Use this URL to cite or link to this record in EThOS: https://ethos.bl.uk/OrderDetails.do?uin=uk.bl.ethos.780122
Title: 'Overcoming the barriers to engagement' : a study of the relationships between Youth Justice Service caseworkers and young men who offend
Author: Booth, Allan
ISNI:       0000 0001 2449 4381
Awarding Body: University of Nottingham
Current Institution: University of Nottingham
Date of Award: 2019
Availability of Full Text:
Access from EThOS:
Full text unavailable from EThOS. Restricted access.
Access from Institution:
Abstract:
This thesis presents findings from an ESRC-funded doctoral study on the formation and ongoing maintenance of the relationship between local authority Youth Justice Service caseworkers and young men on their caseload. The dominant youth justice literature discusses community supervision as a technical and bureaucratic exercise but there is little attention paid to the emotional labour dynamics during face-to-face contacts. Twenty participants; 9 young men and 11 caseworkers were interviewed for this study. A phenomenological approach was taken to guide conversations to reflect each participant's personal experiences of face-to-face contact. These personal reflective accounts of young men and caseworkers offered empirically informed insights into the concept of engagement through specific examples of real-life encounters. All participants were from one local authority youth justice service. It will be shown that most young men started from a position of scepticism before the first contact but that they, largely, ended up working co-operatively and actively with their caseworker. In tracking this journey, it was found that securing engagement was a subtle process of interactions that directly affected the foundation from which behaviour changes can be attempted. During this process, specific behaviours were enacted that tested the commitment of caseworkers by implicitly demanding trust, genuineness and consistency. The thesis concludes that the youth justice literature is not necessarily fully reflective of practice. To counter this, a more thorough understanding of emotional engagement during practice needs to be represented.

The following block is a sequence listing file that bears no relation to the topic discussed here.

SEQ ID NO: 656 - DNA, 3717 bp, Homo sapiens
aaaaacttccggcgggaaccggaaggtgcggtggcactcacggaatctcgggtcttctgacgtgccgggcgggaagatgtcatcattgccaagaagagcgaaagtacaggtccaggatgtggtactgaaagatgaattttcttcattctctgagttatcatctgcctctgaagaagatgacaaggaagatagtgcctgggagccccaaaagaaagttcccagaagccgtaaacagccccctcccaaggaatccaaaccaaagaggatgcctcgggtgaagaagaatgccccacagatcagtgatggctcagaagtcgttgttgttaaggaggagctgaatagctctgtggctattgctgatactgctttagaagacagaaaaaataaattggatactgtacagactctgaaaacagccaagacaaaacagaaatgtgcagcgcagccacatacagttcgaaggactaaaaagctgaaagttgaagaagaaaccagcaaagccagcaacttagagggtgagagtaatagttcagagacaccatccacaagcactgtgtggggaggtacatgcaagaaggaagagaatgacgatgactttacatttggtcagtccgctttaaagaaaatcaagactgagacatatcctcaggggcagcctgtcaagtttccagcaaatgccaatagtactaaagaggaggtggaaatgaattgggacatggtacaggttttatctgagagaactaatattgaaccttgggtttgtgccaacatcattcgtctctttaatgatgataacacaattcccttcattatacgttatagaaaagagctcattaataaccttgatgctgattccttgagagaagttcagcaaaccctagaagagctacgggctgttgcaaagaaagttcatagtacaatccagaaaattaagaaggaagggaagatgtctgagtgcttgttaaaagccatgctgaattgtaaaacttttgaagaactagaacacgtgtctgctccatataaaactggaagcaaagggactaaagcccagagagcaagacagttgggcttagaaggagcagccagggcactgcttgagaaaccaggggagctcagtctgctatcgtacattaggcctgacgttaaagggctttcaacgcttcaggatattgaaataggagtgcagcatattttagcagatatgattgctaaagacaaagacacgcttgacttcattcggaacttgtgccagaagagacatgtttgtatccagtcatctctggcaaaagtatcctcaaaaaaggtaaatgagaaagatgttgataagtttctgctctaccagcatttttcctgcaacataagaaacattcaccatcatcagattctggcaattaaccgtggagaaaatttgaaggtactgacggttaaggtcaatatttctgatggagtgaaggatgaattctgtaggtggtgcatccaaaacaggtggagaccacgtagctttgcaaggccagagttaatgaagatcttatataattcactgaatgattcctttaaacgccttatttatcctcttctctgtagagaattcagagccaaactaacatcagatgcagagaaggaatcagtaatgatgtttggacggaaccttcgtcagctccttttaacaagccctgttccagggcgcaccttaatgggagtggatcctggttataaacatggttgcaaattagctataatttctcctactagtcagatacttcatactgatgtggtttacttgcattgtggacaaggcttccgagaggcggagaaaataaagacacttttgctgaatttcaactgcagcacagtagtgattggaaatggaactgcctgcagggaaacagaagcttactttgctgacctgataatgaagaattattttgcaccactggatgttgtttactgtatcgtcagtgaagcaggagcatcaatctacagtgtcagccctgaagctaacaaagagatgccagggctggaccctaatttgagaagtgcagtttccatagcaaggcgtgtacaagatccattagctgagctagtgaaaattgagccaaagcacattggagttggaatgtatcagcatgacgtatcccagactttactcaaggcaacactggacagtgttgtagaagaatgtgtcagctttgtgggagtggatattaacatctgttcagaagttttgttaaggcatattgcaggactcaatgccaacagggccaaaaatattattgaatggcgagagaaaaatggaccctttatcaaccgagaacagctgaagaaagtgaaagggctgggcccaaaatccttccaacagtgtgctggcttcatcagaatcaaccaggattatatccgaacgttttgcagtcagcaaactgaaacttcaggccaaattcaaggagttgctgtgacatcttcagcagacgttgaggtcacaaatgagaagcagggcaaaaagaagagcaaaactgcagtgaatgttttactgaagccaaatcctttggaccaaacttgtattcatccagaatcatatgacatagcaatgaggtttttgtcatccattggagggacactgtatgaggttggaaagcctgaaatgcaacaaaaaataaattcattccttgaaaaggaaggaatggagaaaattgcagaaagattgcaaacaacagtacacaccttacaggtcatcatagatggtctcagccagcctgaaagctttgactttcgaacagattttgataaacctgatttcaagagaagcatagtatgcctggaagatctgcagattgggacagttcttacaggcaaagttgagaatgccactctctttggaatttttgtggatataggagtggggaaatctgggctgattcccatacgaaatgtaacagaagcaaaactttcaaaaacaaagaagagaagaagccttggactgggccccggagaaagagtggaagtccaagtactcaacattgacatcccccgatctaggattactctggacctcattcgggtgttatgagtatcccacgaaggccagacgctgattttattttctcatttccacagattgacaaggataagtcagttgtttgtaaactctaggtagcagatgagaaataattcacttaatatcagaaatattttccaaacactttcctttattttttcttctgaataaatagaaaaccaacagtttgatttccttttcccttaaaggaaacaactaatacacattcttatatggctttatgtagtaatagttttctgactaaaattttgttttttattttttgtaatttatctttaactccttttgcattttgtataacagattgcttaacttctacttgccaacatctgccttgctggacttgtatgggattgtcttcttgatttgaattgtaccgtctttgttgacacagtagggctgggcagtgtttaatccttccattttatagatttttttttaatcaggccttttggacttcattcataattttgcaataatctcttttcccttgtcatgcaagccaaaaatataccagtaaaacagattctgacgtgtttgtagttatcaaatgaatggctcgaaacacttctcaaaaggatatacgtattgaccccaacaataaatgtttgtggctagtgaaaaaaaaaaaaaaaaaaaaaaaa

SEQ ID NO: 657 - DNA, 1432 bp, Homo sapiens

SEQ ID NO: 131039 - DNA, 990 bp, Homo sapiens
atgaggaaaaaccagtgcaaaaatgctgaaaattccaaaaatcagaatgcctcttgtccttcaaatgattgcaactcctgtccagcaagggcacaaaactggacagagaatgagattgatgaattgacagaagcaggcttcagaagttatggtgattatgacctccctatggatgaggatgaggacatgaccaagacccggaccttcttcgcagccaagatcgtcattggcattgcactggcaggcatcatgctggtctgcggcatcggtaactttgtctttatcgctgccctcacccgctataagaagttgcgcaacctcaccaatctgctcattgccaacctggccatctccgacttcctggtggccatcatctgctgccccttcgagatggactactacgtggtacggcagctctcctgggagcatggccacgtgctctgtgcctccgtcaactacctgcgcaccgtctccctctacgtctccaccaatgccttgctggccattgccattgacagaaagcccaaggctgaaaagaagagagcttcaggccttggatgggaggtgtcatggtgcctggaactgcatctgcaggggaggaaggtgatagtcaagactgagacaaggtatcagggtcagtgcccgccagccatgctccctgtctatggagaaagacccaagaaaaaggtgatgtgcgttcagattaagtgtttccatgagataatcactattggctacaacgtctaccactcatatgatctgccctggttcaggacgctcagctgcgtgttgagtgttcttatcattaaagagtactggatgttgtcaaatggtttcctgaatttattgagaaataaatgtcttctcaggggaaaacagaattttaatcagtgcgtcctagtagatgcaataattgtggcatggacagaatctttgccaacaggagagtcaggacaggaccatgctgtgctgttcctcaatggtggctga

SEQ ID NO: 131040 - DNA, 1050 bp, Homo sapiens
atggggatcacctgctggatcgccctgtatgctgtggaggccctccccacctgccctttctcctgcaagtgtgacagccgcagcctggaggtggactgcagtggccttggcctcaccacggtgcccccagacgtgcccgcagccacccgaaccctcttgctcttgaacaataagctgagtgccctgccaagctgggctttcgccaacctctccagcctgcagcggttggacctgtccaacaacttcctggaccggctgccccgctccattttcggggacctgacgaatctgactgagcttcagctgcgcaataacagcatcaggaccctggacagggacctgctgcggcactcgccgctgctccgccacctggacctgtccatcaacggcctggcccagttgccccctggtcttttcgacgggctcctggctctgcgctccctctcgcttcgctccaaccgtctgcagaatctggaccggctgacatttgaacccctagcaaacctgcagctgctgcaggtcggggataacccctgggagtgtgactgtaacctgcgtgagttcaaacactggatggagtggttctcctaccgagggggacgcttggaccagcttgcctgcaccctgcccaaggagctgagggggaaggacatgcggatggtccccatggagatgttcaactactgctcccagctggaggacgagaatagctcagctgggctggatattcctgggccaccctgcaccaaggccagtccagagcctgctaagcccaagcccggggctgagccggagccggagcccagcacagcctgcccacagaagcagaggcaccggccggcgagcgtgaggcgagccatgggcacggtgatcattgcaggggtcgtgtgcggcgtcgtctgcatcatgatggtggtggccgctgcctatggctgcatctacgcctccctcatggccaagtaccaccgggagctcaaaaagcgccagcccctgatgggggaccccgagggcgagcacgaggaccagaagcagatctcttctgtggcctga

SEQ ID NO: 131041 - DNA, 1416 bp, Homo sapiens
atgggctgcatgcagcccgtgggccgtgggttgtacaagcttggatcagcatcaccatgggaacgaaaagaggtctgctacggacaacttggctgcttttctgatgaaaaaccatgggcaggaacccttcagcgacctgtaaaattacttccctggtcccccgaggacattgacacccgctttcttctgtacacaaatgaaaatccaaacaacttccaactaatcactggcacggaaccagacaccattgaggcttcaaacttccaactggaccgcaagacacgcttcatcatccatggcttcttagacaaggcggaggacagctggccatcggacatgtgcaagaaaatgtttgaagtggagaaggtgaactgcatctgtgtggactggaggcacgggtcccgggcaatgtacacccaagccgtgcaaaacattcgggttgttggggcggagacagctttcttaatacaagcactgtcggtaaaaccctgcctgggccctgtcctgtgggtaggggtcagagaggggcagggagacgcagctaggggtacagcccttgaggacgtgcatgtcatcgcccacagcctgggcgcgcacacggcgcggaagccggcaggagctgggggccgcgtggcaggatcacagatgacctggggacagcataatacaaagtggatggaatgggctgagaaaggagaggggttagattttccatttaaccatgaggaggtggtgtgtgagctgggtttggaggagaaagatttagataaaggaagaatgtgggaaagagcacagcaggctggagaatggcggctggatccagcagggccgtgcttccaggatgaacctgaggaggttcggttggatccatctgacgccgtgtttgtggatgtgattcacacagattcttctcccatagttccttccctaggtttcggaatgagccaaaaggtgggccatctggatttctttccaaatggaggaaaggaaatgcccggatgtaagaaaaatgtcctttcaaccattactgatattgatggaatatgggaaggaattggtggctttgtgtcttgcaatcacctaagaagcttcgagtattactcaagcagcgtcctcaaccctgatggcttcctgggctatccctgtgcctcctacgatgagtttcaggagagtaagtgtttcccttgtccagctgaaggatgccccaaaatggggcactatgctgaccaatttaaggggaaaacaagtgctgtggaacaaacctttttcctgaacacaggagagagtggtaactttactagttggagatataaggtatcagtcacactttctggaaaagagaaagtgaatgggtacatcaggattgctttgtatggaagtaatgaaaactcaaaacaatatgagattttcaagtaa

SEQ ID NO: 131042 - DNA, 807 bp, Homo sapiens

Supervisor: Not available Sponsor: Not available
Qualification Name: Thesis (Ph.D.) Qualification Level: Doctoral
EThOS ID: uk.bl.ethos.780122  DOI: Not available
Keywords: HV Social pathology. Social and public welfare
Share: